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Re: WAI landing page for CogA

From: Shawn Henry <shawn@w3.org>
Date: Fri, 8 Mar 2019 15:54:01 -0600
To: David Fazio <dfazio@helixopp.com>
Cc: public-cognitive-a11y-tf <public-cognitive-a11y-tf@w3.org>
Message-ID: <311c2781-1735-ce76-efda-2aa9febbd1b0@w3.org>
Ah, interesting point. The long version of what this intends to say is: WCAG includes requirements that, when followed, make the [website] more accessible for people with cognitive and learning disabilities..." But we don't want to go into that much detail. :-)

I changed it to 'address':
"For example, Web Content Accessibility Guidelines (WCAG) includes requirements that address cognitive accessibility."

~Shawn


On 3/8/2019 3:18 PM, David Fazio wrote:
> I would be a little apprehensive to say “improve” cognitive accessibility. I’d prefer “ensure” or “related to” over “improve”. Only because there are techniques that actually scientifically improve/enhance cognition. Companies like Posit Science use them for rehabilitation, and other things.  I wouldn’t want to, in any way, allow for misconception.
> 
> Something like:
> 
>> For example, Web Content Accessibility Guidelines (WCAG) includes requirements related to (or that ensure) cognitive accessibility. The requirements (known as “success criteria”) are in guidelines such as:
> 
> - Fazio
> 
> This message was Sent from my iPhone. Please excuse any typographic errors.
> 
> On Mar 8, 2019, at 12:52 PM, Shawn Henry <shawn@w3.org <mailto:shawn@w3.org>> wrote:
> 
>> Hi Abi,
>>
>> Thanks much for the input at <https://lists.w3.org/Archives/Public/public-cognitive-a11y-tf/2019Mar/0036.html>. I agree that sentence is not totally smooth.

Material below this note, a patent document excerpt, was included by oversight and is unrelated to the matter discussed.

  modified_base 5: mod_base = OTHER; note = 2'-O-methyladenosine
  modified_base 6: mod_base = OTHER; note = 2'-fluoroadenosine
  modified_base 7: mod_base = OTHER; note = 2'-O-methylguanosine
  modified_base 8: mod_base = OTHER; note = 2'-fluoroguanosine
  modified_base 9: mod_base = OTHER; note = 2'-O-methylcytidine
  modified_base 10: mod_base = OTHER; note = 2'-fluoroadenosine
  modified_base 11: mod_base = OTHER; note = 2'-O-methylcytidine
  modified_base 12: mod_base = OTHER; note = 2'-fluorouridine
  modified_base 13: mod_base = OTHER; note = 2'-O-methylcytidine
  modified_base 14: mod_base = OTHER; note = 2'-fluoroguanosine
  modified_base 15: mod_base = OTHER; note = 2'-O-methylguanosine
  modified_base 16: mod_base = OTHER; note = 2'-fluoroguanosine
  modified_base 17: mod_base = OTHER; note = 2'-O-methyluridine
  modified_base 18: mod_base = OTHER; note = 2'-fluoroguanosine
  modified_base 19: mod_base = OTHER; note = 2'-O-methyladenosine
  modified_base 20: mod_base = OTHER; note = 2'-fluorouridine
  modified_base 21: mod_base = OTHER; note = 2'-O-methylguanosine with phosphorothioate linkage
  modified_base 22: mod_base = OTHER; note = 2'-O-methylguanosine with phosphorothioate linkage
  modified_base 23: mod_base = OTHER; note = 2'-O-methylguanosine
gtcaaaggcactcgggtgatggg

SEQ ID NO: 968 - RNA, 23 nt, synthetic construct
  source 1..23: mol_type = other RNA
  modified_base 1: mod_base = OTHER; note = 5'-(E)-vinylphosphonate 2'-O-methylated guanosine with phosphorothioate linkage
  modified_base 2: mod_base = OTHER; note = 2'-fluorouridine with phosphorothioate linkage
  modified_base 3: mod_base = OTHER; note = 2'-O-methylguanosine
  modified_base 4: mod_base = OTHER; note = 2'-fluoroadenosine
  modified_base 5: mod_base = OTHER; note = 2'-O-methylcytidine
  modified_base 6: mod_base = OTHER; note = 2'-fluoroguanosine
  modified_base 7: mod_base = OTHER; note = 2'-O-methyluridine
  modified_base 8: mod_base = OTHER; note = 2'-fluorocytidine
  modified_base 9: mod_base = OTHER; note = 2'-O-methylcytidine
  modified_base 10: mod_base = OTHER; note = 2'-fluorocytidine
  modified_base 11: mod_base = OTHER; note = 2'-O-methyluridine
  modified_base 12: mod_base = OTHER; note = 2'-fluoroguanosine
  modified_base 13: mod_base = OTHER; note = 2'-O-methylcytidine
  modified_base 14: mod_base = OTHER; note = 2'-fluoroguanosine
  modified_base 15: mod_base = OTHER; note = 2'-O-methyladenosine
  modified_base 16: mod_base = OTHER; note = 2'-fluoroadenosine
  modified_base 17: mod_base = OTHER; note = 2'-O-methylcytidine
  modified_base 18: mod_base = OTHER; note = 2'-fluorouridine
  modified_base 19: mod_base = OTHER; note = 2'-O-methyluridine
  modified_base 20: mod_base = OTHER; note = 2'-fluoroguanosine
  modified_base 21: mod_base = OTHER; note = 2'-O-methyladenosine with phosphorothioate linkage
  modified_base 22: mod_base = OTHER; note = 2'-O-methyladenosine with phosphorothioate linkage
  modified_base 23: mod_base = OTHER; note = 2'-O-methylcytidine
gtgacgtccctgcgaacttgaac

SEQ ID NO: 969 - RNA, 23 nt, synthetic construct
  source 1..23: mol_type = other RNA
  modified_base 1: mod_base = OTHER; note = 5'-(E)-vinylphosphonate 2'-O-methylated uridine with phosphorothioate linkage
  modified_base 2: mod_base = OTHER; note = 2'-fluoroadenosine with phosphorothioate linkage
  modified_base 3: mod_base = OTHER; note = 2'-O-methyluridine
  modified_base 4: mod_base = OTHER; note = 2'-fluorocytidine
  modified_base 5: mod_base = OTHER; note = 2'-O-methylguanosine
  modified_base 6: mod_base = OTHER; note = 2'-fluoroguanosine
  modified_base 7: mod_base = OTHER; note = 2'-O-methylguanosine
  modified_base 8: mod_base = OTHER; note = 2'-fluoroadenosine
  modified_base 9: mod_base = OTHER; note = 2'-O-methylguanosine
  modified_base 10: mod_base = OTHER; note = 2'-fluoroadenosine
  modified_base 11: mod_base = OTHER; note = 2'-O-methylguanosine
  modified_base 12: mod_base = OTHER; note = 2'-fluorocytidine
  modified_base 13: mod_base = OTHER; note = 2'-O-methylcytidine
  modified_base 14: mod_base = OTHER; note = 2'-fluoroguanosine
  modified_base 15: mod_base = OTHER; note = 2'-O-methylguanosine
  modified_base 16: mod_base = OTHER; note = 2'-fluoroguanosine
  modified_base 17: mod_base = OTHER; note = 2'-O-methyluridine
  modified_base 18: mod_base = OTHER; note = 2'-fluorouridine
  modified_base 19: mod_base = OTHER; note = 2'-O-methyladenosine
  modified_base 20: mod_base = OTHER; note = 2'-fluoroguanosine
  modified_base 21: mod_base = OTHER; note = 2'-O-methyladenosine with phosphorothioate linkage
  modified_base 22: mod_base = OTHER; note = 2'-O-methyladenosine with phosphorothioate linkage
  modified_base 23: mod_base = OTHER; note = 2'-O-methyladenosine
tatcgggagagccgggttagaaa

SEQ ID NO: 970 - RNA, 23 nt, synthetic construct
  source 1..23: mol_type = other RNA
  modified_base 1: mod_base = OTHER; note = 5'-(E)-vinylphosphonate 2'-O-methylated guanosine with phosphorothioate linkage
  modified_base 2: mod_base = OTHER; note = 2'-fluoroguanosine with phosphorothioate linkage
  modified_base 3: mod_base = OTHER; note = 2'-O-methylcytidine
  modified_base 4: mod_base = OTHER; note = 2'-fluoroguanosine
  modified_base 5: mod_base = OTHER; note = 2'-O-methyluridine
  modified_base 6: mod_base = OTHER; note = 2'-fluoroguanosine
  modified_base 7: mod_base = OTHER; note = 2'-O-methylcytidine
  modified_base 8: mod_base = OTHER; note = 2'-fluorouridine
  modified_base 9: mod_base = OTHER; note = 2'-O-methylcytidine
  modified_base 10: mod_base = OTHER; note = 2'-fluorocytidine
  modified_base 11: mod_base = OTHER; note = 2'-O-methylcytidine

>>
>> <start message>
>> I am struggling with the sentence " They are under these and other guidelines:" in the section on Cognitive Accessibility in W3C standards. It does not seem a clear way to say this. My suggestion would be to add "such as" to the previous sentence so that it read:
>> For example, Web Content Accessibility Guidelines (WCAG) includes requirements (called “success criteria”) that improve cognitive accessibility such as:
>> </end message>
>>
>>
>> The issue is that the sentence talks about requirements/success criteria, yet the list is of guidelines (not success criteria). Also, some on the TF call wanted to avoid "For example" and "such as" in the same sentence -- which I agree with.
>>
>> A couple of options:
>> 1. For example, Web Content Accessibility Guidelines (WCAG) includes requirements that improve cognitive accessibility. The requirements (called “success criteria”) are in guidelines such as:
>> 2. For example, Web Content Accessibility Guidelines (WCAG) includes requirements that improve cognitive accessibility. The requirements (called “success criteria”) are in these and other guidelines:
>>
>> I do think #1 is more straightforward. However, it seem to me a bit wimpy. We really want this section to be strong. For that reason, I'm thinking #2 -- or something more like it -- might be better. Thoughts?
>>
>> Thanks,
>> ~Shawn
>> <http://www.w3.org/People/Shawn/>
>>
>>
>>
Received on Friday, 8 March 2019 21:54:11 UTC

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